The Luminous Science project started through an exploration by Lila Finch into how we could represent the biochemical processes of a plant using a new representational structure of a Nebuta-style lantern. Specifically we grew plants using hydroponic gardening techniques, collected and analyzed data using sensors, video, images, and hands-on measurements, and then translated that data into an artistic representation that told us about the biology, chemistry, and health of the garden.
In the first prototype of the project we built a large wooden support structure to hold three levels of hydroponic gardens. We used an ebb-and-flow system on all three levels. We have grown an assortment of different plants: basil, coleus, lavender, marigolds, tomatoes, lettuce, and thyme. The plants grew so well that the coleus, and later the tomatoes, had to be removed and replanted elsewhere. We had a very fruitful crop of basil that continually was harvested and grew for over eight months.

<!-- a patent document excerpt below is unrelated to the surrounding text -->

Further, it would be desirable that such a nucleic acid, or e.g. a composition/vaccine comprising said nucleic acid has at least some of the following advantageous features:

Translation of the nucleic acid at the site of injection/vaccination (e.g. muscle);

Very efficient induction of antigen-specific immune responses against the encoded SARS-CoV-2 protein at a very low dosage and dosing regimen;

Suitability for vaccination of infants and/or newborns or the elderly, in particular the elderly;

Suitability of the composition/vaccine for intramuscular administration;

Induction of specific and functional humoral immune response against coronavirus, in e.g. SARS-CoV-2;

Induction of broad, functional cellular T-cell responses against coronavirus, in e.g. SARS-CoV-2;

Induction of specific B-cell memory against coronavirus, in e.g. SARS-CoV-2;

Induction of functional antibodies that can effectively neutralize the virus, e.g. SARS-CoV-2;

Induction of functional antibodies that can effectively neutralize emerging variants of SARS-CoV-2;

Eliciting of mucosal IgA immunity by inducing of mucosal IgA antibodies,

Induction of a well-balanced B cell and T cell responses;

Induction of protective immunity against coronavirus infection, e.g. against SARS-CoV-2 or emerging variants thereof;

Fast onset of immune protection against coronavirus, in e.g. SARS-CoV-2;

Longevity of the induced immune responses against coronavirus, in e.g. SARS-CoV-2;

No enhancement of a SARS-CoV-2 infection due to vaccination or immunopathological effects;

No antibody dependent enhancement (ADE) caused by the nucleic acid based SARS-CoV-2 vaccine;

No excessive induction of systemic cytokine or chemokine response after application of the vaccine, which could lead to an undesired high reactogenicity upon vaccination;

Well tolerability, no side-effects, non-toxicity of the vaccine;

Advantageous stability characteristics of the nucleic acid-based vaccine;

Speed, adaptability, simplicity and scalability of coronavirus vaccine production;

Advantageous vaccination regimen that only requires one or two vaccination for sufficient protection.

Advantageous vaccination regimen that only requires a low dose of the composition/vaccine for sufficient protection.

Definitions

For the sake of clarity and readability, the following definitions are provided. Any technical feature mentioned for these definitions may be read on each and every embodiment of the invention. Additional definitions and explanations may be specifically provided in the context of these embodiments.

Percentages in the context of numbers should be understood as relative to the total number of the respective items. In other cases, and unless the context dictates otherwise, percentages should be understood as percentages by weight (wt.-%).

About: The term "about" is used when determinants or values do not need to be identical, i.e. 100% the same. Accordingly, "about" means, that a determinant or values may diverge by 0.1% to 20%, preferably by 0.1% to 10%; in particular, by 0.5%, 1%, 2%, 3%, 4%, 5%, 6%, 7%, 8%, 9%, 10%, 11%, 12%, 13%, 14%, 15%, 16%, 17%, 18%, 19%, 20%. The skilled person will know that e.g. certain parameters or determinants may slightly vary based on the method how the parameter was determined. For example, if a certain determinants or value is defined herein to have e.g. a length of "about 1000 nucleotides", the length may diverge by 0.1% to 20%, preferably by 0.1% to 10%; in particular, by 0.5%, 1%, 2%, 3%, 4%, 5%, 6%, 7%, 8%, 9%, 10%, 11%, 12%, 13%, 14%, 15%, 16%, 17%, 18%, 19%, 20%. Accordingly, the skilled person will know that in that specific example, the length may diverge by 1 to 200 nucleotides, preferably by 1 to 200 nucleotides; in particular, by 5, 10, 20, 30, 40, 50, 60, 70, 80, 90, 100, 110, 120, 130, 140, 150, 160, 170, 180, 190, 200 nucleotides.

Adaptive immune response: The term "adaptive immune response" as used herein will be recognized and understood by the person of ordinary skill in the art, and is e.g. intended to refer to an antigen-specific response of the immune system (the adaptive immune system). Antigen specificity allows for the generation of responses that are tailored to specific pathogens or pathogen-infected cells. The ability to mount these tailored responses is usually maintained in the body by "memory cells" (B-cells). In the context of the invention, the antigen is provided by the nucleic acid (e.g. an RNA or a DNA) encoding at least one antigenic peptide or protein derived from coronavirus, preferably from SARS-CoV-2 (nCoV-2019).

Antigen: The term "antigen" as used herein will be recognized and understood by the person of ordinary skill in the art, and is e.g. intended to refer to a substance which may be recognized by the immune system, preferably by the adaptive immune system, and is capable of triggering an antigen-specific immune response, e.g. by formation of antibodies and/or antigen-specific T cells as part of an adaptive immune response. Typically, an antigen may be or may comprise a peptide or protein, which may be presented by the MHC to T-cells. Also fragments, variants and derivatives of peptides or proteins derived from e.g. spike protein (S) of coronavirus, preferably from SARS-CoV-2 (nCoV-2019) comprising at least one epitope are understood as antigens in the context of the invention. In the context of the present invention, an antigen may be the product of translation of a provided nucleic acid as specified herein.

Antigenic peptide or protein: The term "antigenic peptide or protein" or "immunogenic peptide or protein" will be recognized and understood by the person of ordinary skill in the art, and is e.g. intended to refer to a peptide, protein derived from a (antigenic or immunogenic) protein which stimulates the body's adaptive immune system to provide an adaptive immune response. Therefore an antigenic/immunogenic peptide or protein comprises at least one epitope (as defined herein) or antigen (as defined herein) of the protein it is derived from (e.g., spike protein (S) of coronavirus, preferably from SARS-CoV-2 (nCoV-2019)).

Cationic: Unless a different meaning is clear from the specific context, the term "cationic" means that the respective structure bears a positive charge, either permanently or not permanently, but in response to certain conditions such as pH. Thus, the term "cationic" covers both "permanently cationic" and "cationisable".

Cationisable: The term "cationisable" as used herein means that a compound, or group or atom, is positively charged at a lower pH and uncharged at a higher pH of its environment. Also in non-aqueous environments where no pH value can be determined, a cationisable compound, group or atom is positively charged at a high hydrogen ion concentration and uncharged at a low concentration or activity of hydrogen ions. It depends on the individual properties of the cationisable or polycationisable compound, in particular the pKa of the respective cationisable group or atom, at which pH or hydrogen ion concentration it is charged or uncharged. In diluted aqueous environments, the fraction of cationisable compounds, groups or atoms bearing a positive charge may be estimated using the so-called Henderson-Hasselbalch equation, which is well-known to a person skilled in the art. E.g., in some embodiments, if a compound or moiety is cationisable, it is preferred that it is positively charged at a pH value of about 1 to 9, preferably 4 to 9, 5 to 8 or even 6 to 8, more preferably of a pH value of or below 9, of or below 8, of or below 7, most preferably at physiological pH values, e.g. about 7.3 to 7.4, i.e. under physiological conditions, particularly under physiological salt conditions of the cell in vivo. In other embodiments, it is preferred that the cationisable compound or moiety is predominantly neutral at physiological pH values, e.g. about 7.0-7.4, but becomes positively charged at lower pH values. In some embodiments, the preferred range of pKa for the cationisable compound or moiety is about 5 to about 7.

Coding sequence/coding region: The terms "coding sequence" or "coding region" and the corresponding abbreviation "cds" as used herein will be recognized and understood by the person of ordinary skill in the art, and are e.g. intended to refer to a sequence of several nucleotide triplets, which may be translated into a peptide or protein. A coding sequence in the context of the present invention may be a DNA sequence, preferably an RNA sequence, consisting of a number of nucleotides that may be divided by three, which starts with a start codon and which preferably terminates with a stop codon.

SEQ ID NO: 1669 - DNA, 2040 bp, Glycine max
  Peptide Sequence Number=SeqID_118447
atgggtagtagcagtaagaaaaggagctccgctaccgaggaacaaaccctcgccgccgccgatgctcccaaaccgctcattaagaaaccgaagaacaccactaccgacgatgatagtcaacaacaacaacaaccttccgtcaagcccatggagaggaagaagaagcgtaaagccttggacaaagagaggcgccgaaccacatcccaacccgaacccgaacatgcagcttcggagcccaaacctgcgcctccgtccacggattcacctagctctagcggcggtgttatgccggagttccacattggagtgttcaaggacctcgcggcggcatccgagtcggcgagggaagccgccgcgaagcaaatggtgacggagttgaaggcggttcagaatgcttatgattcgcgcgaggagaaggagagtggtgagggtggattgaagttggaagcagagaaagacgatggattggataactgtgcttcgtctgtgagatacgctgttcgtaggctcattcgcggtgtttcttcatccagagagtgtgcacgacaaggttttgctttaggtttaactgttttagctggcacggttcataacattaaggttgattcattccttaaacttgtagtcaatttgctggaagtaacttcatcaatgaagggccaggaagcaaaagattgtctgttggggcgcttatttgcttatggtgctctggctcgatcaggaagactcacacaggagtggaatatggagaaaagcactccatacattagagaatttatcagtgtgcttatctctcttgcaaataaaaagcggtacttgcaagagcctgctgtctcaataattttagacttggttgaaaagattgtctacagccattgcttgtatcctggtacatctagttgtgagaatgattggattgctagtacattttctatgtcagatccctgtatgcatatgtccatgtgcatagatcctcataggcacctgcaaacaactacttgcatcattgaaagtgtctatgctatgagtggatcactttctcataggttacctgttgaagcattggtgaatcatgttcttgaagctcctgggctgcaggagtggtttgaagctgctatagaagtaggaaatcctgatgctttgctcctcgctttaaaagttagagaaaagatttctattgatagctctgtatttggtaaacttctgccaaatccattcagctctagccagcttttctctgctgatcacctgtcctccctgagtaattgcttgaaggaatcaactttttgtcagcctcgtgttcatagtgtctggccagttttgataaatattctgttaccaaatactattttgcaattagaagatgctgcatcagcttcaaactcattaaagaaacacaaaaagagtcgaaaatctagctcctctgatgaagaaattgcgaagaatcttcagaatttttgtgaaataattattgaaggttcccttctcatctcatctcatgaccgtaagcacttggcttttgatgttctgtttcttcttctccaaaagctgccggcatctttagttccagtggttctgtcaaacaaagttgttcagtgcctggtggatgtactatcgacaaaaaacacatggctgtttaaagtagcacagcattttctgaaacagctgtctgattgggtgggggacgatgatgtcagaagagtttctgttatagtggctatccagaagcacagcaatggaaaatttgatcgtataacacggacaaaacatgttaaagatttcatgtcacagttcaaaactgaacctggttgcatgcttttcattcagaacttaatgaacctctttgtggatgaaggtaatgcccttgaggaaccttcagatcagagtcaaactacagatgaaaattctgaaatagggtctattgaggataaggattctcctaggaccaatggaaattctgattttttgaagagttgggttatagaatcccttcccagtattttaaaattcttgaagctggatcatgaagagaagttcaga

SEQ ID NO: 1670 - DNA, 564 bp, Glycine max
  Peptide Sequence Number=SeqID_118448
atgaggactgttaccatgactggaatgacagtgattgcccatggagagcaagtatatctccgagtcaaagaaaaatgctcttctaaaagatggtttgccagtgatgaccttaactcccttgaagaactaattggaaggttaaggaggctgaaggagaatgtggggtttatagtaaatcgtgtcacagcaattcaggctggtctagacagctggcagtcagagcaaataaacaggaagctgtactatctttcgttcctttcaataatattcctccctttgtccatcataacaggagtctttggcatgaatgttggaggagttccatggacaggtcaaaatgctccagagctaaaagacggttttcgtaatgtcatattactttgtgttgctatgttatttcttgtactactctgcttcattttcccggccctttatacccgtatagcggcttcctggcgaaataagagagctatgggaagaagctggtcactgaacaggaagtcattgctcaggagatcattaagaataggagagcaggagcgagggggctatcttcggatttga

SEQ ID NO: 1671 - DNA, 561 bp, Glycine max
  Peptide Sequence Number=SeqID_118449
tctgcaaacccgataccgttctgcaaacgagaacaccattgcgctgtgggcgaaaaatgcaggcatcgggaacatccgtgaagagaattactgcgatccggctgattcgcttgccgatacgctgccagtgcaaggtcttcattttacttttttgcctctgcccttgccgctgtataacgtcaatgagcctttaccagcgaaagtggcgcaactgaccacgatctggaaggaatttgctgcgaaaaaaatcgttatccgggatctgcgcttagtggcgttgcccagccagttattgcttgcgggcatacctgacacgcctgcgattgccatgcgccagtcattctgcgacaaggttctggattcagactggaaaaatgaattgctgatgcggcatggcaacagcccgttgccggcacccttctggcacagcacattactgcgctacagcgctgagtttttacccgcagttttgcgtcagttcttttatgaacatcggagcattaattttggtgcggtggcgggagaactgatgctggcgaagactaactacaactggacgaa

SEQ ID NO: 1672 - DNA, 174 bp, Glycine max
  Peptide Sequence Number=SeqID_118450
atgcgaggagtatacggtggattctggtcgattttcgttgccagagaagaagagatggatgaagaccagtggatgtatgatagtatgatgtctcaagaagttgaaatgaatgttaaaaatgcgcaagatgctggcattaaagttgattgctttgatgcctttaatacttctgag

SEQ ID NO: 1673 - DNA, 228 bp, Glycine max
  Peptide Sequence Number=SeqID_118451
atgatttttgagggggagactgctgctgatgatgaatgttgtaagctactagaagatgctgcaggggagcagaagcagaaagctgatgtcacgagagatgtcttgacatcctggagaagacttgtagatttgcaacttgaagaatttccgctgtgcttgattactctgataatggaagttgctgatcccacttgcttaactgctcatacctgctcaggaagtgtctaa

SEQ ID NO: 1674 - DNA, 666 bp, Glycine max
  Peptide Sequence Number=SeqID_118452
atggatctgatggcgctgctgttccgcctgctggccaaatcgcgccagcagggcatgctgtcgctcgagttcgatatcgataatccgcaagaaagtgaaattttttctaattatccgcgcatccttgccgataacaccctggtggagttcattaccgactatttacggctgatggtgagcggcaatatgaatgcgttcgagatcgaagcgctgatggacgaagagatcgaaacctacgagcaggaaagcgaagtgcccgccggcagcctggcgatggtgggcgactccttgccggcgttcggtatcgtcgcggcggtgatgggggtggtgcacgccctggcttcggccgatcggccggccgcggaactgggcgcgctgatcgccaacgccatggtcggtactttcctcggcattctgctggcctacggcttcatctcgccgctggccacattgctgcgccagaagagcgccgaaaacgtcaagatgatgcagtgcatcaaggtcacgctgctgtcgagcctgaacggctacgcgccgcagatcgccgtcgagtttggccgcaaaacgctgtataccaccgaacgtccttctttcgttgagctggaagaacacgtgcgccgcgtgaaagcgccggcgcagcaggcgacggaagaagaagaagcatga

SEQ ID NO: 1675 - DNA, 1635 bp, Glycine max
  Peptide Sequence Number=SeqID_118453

We used a combination of BlockyTalky and weather:bit sensors to collect data and transmit that data wirelessly to a variety of data physicalizations (see below). We used a micro:bit in the garden connected to our sensor units to transmit data, via the micro:bit radio, from the garden to another micro:bit where that information could be used as desired. We are constantly adding new sensors and data storage capabilities to BlockyTalky and new sensor drivers for the micro:bit in the hopes to soon be able to examine more scientific details of the garden.